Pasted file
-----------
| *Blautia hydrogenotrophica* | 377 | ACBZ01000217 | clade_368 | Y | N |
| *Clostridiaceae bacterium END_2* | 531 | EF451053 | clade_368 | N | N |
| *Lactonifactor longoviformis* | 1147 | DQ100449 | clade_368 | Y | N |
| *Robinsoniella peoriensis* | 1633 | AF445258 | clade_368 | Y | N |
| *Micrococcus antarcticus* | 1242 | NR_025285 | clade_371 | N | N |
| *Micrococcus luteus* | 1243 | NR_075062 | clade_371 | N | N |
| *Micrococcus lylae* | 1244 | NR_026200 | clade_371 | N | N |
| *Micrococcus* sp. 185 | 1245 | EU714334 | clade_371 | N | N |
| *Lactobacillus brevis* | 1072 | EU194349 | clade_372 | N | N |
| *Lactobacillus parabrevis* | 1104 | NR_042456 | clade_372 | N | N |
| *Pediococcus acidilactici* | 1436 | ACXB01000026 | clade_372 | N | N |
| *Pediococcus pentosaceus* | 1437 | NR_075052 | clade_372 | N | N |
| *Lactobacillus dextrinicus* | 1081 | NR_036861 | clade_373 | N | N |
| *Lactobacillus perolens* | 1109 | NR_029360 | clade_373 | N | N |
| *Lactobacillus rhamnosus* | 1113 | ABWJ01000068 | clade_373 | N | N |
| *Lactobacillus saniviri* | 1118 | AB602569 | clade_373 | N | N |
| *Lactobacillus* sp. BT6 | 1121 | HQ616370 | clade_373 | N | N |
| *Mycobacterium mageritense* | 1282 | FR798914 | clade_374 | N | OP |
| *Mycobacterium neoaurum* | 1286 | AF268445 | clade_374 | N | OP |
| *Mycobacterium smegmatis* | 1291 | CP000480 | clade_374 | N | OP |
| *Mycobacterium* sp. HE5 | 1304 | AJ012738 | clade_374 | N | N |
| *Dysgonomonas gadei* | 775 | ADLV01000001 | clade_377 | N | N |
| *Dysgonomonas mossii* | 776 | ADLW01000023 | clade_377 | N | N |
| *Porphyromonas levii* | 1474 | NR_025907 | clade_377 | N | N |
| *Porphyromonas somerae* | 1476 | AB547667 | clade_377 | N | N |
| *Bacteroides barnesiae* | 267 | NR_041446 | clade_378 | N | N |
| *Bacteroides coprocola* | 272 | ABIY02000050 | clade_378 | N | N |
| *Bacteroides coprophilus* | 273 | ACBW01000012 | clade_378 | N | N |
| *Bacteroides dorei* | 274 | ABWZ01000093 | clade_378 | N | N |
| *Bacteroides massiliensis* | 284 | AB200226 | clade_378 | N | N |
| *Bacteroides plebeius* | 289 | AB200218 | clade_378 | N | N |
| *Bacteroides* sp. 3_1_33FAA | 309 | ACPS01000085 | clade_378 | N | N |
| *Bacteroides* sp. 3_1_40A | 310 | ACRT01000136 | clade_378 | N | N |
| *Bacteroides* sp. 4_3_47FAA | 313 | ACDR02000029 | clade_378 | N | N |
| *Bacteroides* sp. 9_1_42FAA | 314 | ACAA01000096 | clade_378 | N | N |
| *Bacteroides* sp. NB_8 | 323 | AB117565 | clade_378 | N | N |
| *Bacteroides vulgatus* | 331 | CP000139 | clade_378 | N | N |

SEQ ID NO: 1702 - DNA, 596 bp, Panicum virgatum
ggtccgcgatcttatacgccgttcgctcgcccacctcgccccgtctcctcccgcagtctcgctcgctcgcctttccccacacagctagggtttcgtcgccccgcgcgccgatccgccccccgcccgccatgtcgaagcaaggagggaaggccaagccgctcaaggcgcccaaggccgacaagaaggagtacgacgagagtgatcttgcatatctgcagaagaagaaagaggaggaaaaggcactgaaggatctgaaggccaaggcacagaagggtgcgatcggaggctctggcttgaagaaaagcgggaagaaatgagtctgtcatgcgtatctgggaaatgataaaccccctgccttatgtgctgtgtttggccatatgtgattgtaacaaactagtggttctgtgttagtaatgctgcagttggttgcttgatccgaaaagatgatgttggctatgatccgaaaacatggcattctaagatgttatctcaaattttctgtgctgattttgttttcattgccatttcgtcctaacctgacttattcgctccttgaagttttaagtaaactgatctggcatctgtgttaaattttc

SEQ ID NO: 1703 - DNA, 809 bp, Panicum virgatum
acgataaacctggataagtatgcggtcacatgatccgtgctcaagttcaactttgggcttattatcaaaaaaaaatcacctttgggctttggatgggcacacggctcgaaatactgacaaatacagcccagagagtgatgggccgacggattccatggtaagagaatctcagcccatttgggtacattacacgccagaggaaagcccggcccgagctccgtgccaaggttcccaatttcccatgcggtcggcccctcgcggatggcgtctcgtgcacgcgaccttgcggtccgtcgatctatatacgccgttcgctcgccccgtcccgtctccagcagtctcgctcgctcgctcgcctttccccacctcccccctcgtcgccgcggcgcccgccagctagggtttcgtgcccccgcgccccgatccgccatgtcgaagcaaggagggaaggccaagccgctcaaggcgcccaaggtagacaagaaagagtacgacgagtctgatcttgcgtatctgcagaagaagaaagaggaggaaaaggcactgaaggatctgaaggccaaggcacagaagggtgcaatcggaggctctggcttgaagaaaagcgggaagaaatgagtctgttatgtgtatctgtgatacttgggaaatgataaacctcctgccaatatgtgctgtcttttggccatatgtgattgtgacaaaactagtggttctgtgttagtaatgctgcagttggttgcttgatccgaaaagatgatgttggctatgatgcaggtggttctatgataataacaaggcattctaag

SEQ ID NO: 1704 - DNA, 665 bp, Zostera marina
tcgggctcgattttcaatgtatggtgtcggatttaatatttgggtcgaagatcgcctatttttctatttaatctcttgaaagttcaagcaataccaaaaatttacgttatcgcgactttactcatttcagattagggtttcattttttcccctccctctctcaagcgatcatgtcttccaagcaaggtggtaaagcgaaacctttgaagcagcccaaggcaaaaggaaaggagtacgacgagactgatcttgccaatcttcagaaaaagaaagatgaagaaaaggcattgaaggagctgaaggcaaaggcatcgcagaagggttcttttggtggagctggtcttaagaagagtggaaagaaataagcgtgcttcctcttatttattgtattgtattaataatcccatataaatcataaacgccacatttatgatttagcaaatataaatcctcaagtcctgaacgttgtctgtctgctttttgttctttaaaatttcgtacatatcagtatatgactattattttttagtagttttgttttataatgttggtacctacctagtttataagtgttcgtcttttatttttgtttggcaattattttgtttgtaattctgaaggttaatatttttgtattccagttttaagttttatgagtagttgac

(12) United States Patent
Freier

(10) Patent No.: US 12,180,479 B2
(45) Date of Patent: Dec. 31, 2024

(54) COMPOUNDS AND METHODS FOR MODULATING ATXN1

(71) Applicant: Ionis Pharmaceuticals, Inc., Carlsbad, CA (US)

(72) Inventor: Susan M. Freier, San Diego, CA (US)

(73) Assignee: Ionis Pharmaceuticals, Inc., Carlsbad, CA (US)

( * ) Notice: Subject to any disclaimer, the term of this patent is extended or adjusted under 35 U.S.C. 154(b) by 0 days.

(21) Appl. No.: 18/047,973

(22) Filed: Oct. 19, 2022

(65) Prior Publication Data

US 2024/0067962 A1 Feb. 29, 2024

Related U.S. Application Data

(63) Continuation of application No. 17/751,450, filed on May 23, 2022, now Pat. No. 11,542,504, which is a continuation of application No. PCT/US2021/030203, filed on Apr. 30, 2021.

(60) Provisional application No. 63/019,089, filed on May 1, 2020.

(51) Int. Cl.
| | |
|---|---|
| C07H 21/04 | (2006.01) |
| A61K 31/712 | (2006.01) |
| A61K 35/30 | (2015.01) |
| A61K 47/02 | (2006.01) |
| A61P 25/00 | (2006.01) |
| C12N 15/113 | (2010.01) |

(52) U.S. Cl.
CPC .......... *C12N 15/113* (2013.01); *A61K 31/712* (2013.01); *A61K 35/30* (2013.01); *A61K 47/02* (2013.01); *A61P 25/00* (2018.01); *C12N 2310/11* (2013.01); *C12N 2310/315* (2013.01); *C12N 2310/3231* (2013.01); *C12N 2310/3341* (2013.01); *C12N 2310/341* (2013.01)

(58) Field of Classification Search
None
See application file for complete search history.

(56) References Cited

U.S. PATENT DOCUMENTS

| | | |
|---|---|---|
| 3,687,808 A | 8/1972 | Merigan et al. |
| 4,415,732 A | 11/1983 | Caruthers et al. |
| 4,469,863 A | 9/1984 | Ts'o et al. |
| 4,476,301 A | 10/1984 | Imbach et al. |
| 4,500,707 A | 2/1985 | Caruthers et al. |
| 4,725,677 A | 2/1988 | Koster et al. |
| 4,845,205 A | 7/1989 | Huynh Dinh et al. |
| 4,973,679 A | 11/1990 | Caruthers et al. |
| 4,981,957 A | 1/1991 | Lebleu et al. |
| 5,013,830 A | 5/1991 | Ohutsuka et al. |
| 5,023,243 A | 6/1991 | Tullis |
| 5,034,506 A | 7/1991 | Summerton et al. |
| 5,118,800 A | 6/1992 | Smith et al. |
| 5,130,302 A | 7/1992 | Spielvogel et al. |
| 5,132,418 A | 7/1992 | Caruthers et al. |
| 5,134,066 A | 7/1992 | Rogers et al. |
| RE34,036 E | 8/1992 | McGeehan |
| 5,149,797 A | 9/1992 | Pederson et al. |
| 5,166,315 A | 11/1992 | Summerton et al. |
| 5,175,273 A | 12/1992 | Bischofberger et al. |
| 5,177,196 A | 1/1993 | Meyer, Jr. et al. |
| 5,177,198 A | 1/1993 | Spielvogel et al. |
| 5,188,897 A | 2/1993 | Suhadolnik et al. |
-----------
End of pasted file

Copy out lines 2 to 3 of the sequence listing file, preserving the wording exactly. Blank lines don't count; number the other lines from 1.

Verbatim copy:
| *Clostridiaceae bacterium END_2* | 531 | EF451053 | clade_368 | N | N |
| *Lactonifactor longoviformis* | 1147 | DQ100449 | clade_368 | Y | N |